Bad seed: Plants not growing in your Northeast Florida garden?

I started the project so enthusiastically. I carefully vetted which heirloom cowpea varieties were historically significant and would grow organically in Northeast Florida, winnowed down the choices to a handful, and then put the seeds into a warm bath for the night, to soak before planting the next day in the hopes the embryonic plants would spring from their protective shells sooner.

Three out of four varieties of cowpeas grew — all but my all-time favorite Zipper Cream – small tender Southern peas that I wait all year to collect and simmer into a diaphonous pot likker seasoned with okra and cracked pepper.

But alas! The Zipper Cream Southern peas never showed up, even a week after all the other varieties were growing and thriving. I checked the drainage – excellent – and the soil was the exact same mixture of compost, potting soil and slow-release fertilizer all the others were enjoying. In fact, at least one other variety had far less rich soil.

It’s the bad seed

So what went wrong? It took me a couple of days to realized the problem wasn’t me. It might be the seed. So, I checked the package. Yep. The seed was from two years before – enough time for the seeds to lose their viability. Did you know that most seed that’s commercially sold has either a date the seed was prepared or the year for which it was prepared?

I hadn’t thought about that.

Luckily, I was able to contact customer service for the seller. I had been ordering from this particular seller for years because the company only sells historically and culturally significant heirlooms. Their customer service didn’t disappoint, a new packet was sent and now Zipper Cream juniors are happily gestating in the warm soil.

All of this is to say that if you experience a crop failure, don’t assume it’s you! It could be the seeds (or your kids!) Check the dates on the package and contact the seller. Most will happily refund you or comp you an exchange. Or, if you are in the habit of keeping seed for a while, make sure you’re not keeping it so long it’s no longer going to grow.

Recommended seed companies

I only recommend products and vendors that I believe in, and get 0 kickback from those I do recommend.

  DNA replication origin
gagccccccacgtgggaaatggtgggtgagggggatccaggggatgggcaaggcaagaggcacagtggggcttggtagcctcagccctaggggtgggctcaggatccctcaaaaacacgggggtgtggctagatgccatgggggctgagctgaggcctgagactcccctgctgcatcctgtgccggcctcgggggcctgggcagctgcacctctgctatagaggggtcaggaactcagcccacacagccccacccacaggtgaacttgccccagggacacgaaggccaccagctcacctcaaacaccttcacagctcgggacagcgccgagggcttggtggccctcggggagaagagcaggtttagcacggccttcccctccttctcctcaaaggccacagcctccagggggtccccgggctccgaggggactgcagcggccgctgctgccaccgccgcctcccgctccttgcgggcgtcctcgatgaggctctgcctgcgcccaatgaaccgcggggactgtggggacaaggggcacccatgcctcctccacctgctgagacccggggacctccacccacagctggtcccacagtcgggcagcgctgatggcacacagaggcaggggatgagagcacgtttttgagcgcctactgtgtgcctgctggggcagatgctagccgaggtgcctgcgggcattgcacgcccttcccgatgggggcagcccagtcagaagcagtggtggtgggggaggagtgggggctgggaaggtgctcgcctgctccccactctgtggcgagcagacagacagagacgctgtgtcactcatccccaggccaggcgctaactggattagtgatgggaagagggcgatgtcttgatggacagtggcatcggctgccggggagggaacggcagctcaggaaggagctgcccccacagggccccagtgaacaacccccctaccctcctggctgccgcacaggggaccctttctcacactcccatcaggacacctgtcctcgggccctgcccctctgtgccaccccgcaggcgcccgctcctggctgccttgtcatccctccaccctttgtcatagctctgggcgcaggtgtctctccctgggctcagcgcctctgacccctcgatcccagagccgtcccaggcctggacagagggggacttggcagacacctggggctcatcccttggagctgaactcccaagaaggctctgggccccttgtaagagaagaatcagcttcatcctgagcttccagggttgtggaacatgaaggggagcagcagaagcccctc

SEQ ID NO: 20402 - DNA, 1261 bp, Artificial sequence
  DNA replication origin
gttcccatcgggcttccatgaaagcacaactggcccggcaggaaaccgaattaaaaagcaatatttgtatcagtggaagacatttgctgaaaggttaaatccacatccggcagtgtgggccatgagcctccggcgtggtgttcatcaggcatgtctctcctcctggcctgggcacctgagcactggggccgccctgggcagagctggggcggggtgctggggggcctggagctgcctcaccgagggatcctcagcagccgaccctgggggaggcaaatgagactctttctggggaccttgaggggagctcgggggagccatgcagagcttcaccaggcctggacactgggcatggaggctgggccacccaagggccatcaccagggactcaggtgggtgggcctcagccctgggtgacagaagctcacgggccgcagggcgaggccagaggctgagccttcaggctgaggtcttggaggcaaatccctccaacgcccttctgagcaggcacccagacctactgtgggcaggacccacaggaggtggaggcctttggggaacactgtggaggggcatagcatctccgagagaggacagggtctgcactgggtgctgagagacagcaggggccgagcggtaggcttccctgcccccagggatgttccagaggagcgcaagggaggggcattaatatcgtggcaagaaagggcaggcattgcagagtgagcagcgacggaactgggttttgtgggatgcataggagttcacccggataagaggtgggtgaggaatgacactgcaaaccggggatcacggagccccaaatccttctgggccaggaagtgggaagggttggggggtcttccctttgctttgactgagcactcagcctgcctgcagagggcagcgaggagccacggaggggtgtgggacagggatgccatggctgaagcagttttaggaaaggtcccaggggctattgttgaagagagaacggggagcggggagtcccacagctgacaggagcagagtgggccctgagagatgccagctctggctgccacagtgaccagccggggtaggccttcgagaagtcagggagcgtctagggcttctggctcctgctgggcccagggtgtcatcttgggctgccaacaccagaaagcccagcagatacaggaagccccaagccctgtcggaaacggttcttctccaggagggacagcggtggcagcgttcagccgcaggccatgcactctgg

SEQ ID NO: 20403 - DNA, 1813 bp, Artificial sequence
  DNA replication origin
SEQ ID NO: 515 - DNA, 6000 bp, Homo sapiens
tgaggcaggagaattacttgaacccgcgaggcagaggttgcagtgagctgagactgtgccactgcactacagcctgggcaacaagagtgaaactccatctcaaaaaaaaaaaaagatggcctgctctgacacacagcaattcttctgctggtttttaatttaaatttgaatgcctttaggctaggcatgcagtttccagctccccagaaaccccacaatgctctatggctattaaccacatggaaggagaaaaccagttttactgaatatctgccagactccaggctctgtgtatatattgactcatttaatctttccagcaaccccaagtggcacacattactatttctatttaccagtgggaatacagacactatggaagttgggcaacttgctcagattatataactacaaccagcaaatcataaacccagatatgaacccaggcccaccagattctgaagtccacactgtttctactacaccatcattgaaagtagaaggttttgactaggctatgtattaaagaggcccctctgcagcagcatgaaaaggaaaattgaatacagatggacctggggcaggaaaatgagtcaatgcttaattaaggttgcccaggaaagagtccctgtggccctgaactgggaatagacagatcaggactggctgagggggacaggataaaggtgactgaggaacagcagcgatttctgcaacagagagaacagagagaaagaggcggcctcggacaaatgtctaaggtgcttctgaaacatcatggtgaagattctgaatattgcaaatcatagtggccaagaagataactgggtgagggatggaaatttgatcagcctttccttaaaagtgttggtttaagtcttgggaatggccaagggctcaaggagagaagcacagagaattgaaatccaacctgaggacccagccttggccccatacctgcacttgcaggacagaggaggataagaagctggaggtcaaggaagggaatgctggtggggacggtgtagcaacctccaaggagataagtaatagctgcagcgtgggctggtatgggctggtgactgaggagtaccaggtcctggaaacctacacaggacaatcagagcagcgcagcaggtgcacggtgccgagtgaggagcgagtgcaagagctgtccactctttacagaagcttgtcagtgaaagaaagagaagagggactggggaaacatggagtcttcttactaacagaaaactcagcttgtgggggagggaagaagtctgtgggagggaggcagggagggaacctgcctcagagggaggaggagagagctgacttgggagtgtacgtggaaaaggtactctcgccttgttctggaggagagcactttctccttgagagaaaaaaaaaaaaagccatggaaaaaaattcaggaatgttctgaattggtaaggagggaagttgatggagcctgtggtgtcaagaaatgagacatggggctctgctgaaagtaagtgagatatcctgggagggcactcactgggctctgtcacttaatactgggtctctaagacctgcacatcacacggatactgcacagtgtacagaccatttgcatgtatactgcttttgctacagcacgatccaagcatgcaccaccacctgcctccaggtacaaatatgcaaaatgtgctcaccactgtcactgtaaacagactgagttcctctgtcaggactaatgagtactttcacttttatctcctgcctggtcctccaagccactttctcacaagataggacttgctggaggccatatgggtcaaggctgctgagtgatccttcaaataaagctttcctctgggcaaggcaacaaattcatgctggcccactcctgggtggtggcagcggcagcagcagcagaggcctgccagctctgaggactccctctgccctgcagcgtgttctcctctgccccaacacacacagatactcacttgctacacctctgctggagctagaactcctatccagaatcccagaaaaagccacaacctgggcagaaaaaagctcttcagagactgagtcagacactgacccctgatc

That said, here are two companies I enthusiastically recommend. I’ve bought from both companies for many years, and on the infrequent occasions there has been a problem, both companies have stepped in right away to make the order right.

Baker Creek Heirloom Seeds

Baker Creek deals almost totally in heirloom varieties, and specialize in seeds from the 1800s. (As you know, historic seeds are my jam)

They’re based in Missouri, where they’ve taken the concept of community farm/seed saving/green practices to the Google level. They’ve founded their own farm and company town in the Ozarks, for instance, host festivals and reach nearly a million farmers with their catalog, according to the company site.

For more, check out their website:

Southern Exposure Seed Exchange

This Virginia-based company specializes in traditional and heirloom seeds that thrive in the Deep South. They’ve been instrumental in helping me develop my seed stock because of their regional approach. That’s not surprising, because the company is dedicated to seed saving. Their company values also include preserving non-GMO food and sustainable practices.

The site and the company voice is a little less friendly than Baker Creek’s, but their seed is reliable and germinates every time.

The website is:

Have you had a seedy experience?

Perhaps you’ve had a bad seed experience. Did you contact the seller? What was the outcome? Post in the comments below.

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